Category Archives: Zomby

Best of 2011, part III: Get fit with 20jfg

Whether your with Dunbar on music and dance evolving as mass social grooming, Darwin and his strutting peacock, or feel dancing and music is tickling the brain in ways nature cannot, dancing is a part of our humanity and has been for a very long time. 2011 was a good time for music you could dance too…


Lindstrøm : De Javu When you play a Lindstrom track in your dj set its always difficult to follow. It’s normally difficult to know what to play it after too becuase, lets face it, no one else makes records that sound like this. The new album Six Cups Of Rebel is out on Small Town Supersound in February.

Lindstrøm – De Javu

Buy : De Javu


James Fox: New Jack Swing James Fox laces pristine mid-tempo dance with some silky new jack swing vibes, projecting us inside an utopia of white and honey which is to mainstream house music what romance is to porn.

We are believers in the possibility of a non-fucked up after-hours club where the tribes congregate to squeeze the last ounce of physical sweetness of the ephemeral night, rather than gurn their way into infinity. If that place exists, this is its theme tune.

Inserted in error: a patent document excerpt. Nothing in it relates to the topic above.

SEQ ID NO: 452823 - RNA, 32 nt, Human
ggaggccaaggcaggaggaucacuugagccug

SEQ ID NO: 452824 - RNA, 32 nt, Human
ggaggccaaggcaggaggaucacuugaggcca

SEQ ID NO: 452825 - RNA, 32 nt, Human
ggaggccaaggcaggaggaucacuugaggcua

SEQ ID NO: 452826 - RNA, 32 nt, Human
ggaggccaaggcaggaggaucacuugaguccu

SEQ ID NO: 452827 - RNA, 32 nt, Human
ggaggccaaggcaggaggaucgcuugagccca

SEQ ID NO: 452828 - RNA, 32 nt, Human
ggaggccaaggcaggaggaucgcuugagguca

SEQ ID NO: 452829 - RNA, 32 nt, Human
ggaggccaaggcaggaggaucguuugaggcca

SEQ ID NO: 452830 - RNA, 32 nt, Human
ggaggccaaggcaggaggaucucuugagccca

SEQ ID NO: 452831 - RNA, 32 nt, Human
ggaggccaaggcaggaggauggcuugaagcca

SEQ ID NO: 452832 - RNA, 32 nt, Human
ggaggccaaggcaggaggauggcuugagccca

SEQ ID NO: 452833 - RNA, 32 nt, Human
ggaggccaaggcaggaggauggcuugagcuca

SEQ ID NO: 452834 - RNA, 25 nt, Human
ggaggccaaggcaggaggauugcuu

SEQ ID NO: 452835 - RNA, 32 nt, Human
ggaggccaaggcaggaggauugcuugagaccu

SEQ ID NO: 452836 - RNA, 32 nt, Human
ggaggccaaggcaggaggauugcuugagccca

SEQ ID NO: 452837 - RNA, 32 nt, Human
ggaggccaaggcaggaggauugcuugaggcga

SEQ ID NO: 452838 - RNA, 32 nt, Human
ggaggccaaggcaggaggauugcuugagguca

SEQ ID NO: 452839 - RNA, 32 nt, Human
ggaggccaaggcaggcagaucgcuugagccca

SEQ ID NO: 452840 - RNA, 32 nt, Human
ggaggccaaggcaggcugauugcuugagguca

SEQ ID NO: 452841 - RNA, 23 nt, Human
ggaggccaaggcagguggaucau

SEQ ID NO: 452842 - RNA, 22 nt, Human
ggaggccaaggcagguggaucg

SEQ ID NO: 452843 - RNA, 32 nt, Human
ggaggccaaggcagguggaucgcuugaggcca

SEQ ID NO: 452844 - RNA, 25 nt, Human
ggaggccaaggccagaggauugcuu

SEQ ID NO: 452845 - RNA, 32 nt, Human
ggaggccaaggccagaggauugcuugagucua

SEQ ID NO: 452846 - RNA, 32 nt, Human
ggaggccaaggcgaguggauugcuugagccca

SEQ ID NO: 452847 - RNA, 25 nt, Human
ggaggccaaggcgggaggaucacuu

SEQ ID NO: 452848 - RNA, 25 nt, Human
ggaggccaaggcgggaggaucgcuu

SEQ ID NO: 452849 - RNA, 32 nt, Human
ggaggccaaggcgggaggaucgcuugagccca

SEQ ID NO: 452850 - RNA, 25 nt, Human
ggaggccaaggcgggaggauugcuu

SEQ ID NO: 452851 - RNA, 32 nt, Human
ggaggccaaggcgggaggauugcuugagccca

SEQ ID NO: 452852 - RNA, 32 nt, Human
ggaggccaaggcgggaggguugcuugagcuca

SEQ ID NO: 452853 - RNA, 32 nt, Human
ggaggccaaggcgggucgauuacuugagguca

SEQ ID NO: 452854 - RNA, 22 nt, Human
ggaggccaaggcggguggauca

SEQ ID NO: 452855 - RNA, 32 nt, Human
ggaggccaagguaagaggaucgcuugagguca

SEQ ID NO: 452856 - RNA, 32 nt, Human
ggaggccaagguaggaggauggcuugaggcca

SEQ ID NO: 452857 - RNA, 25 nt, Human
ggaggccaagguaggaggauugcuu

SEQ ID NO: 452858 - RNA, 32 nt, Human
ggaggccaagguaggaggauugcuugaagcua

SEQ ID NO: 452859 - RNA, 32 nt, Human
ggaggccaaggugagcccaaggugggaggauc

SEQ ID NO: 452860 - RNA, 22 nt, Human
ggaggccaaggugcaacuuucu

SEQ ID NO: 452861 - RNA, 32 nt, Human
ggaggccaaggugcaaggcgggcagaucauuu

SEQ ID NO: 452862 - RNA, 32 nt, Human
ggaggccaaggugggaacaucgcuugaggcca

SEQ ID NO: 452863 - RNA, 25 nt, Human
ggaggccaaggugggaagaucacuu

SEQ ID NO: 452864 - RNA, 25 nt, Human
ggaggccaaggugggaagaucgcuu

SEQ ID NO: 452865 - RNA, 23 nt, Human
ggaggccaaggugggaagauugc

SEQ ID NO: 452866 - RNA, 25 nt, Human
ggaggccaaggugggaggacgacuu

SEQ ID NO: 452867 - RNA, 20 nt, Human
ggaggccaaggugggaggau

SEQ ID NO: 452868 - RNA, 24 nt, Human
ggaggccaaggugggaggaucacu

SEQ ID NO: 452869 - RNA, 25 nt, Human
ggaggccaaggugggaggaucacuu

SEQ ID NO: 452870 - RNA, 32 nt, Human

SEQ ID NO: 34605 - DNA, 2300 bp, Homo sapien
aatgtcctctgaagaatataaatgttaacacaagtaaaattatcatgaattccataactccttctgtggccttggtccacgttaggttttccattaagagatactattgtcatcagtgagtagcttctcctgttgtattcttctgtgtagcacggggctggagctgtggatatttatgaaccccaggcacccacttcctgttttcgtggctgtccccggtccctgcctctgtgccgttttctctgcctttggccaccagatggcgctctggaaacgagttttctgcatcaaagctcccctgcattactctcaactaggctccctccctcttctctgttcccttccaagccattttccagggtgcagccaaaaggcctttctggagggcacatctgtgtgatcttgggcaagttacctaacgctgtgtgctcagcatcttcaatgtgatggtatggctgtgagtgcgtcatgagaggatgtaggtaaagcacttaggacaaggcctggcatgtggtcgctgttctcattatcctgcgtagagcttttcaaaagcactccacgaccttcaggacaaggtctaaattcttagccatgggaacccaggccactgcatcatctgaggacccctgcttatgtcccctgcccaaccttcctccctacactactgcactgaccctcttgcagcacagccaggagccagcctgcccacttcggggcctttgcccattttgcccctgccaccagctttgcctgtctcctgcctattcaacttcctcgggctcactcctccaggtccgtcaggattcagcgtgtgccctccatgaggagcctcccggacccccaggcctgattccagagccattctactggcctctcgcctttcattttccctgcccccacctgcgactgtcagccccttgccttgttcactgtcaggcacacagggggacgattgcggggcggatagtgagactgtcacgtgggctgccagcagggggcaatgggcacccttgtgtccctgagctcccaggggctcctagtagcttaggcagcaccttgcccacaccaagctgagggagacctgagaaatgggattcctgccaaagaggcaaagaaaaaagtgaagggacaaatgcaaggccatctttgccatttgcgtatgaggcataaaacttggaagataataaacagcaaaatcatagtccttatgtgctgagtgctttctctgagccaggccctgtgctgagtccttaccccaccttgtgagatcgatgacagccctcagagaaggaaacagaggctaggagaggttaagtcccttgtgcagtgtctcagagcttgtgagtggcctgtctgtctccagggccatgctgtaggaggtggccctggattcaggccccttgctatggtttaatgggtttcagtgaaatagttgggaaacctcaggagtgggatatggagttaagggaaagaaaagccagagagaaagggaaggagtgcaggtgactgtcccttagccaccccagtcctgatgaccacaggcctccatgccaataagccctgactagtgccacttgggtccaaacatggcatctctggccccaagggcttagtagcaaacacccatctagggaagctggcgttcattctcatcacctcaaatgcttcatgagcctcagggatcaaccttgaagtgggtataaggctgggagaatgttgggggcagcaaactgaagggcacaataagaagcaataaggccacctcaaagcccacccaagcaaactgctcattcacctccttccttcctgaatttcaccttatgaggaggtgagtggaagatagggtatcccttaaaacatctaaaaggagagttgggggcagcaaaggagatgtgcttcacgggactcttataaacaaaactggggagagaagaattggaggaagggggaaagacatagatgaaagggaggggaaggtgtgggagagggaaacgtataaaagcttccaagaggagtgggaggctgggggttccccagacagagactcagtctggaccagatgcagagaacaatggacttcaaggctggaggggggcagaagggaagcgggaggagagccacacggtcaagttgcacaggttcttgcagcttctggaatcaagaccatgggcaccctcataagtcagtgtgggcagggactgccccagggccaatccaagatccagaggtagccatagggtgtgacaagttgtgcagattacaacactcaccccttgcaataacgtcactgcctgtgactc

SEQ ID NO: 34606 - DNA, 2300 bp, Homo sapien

James Fox – New Jack Swing

Buy: New Jack Swing


SebastiAn: Love In Motion Feat. Mayer Hawthrone
  More Stones Throw related goodness by way of the loudest Banger on Ed’s roster pitching Patrick Cowley’s Lift Off Down to an unmistakably Purple Oneesqu slowed clap groove.

SebastiAn – Love In Motion Feat. Mayer Hawthrone

Buy : Love in motion


Machinedrum: Come1  Riding last year’s bubbling up of Juke and snapping it into a piano-house ghost-ballad workout.  With an opening the hits right in the feet and then proceeds to gently let up over the next six minutes Come1 is the reverse of most dancefloor equations.  Drawing you in with it’s hedonistic intensity from the off then taking you on a tour of its sorrow.

The whole album’s a near effortless reminder of how good dance albums can be.  building upon a Footwerk foundation to deliver everything from a dancefloor Boards of Canada (Now U Know Tha Deal 4 Real) to one of the most cathartically maudlin pieces of music this year in Lay Me Down (which has the audacity to not actually be the last track on the album).

Machinedrum – Come1

Buy: Room(s)


Graphics: Adjectival E Well Rounded are quickly and efficiently becoming a treasure of the Brighton Vs. Hove demilitarised zone.  Graphics is the second release on offshoot, Well Rounded Individuals and is a towering example of Fractured British Dance Music.  A sliced vocal looped and buried under fabric-thin waves of synth washes haunts the intricate drum programming and sweeping siren-calls that interleave and enchant.  Which is not to say it’s adverse to a break and a surging refrain, that’d be silly.

Graphics – ‘Adjectival E’

Buy: Adjectival E / OK Rainbow


Den Haan: Gods From Outer Space Bandying “macho disco” around like leather, sweat, and guitar riffs were about to go out of fashion Gods From Outer Space is probably more fun that you can actually ever have in a club, but with this as your soundtrack it would be impossible not to try.